Treatment Efficacy of OMT for Carpal Tunnel Syndrome

The recruitment status of this study is unknown because the information has not been verified recently.
Verified October 2006 by University of North Texas Health Science Center.
Recruitment status was  Recruiting
Osteopathic Research Center
Information provided by:
University of North Texas Health Science Center Identifier:
First received: October 27, 2006
Last updated: NA
Last verified: October 2006
History: No changes posted
This study will investigate whether an eight-week regimen of osteopathic manipulative treatment will have immediate and lasting positive effects on the symptoms, functional limitation and physiologic impairment associated with Carpal Tunnel Syndrome.

Condition Intervention Phase
Carpal Tunnel Syndrome
Procedure: Osteopathic Manipulative Treatment
Procedure: Placebo Sub-Therapeutic Ultrasound
Procedure: Standard Medical Care
Phase 2

Study Type: Interventional
Study Design: Allocation: Randomized
Endpoint Classification: Efficacy Study
Intervention Model: Parallel Assignment
Masking: Double-Blind
Primary Purpose: Treatment
Official Title: Treatment Efficacy of OMT for Carpal Tunnel Syndrome

Resource links provided by NLM:

Further study details as provided by University of North Texas Health Science Center:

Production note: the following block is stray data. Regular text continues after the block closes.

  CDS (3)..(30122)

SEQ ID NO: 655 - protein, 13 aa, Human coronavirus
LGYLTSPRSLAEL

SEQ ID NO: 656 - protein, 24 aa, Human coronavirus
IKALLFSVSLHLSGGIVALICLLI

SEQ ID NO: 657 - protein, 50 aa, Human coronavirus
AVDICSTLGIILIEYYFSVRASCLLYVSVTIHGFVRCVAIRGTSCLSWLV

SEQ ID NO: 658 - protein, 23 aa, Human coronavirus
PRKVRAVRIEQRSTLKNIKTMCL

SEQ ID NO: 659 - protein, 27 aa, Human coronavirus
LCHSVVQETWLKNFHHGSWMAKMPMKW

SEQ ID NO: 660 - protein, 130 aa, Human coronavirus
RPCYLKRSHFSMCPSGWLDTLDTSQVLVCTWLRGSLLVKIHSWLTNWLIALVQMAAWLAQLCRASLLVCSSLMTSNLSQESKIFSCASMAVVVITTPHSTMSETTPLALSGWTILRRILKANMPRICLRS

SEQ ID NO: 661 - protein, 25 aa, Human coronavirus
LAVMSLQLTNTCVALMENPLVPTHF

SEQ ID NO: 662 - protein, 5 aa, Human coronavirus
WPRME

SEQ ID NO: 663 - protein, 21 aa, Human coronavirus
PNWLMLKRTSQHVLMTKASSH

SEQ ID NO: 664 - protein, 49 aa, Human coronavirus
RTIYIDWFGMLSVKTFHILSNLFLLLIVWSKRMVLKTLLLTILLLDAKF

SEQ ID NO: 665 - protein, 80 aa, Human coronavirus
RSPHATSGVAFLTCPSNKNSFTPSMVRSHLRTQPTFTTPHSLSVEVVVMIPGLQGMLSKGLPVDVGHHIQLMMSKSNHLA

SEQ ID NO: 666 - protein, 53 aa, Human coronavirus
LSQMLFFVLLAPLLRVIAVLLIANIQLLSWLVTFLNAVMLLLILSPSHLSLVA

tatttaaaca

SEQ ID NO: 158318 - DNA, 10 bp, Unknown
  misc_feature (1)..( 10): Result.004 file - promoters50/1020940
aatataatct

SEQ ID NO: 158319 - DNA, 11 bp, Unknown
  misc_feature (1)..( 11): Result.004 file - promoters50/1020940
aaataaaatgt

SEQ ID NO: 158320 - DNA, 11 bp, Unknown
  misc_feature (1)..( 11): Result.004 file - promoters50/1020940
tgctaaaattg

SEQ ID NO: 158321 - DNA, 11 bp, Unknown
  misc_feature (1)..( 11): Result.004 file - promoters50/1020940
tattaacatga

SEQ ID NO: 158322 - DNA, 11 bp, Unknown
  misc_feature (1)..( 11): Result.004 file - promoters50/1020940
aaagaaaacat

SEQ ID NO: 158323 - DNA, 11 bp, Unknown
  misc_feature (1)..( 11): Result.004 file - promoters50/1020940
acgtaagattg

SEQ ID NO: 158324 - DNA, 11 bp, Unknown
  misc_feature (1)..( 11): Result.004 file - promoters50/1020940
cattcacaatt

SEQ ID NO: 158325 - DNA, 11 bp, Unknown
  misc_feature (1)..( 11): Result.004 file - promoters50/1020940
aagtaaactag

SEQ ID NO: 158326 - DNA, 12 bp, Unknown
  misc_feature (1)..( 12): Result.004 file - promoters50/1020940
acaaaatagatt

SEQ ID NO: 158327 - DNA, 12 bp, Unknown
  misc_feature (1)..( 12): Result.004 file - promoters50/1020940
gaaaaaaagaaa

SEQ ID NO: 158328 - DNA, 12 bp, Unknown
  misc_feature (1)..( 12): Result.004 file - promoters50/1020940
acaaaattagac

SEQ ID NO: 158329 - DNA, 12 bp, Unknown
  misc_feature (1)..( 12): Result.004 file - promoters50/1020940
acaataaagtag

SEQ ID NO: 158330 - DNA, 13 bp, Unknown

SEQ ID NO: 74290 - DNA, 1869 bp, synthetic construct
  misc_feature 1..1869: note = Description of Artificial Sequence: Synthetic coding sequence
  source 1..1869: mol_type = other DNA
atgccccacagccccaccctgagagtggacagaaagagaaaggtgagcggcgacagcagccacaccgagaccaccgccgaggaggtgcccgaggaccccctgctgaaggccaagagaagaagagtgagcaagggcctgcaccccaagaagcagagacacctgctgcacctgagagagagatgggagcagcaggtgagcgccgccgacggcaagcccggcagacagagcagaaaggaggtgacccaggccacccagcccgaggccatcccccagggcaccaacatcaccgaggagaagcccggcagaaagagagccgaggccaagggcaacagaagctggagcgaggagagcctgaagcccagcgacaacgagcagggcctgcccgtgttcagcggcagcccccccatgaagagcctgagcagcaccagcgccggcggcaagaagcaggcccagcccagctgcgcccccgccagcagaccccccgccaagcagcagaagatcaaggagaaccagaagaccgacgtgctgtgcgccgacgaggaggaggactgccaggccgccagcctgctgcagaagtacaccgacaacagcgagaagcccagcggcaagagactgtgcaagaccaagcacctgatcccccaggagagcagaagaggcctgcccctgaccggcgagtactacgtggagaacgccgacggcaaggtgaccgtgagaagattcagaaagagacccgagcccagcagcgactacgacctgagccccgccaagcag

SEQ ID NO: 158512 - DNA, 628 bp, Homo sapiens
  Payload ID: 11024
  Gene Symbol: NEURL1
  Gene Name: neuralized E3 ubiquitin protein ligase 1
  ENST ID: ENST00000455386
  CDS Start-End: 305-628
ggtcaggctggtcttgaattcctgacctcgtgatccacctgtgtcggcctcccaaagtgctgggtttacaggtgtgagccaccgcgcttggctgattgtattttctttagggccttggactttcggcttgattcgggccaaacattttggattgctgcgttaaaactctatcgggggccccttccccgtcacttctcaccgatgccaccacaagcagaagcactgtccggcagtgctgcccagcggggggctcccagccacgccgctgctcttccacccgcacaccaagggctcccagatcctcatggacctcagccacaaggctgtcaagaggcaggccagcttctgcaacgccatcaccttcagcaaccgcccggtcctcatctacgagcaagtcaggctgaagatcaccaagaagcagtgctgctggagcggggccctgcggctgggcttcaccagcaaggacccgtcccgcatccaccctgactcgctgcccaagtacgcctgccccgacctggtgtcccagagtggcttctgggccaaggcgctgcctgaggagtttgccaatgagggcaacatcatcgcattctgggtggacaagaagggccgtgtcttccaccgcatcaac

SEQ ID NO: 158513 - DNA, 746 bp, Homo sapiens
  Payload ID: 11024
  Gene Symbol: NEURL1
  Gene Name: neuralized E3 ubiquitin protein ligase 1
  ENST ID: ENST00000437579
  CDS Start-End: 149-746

Primary Outcome Measures:
  • Changes in the Median motor and sensory distal latencies.
  • Improvement in the patients'self-reported symptoms and functionality scores.

Secondary Outcome Measures:
  • Strength measured with one grip and three pinch strength tests.
  • Changes in sensation as measured by Current Perceptual Threshold.
  • Changes in the transverse and anterior/posterior interior diameters and cross-sectional areas of the carpal tunnel.
  • Carpal tunnel edema.

Estimated Enrollment: 138
Study Start Date: October 2006
Estimated Study Completion Date: October 2009
Detailed Description:

The incidence of Carpal Tunnel Syndrome (CTS) in adults in the U.S. ranges from 15-20% depending on the study, and costs over one billion dollars annually in medical care. Surgery for CTS accounts for much of these costs with up to one third of these patients experiencing re-occurrence of symptoms post-operatively.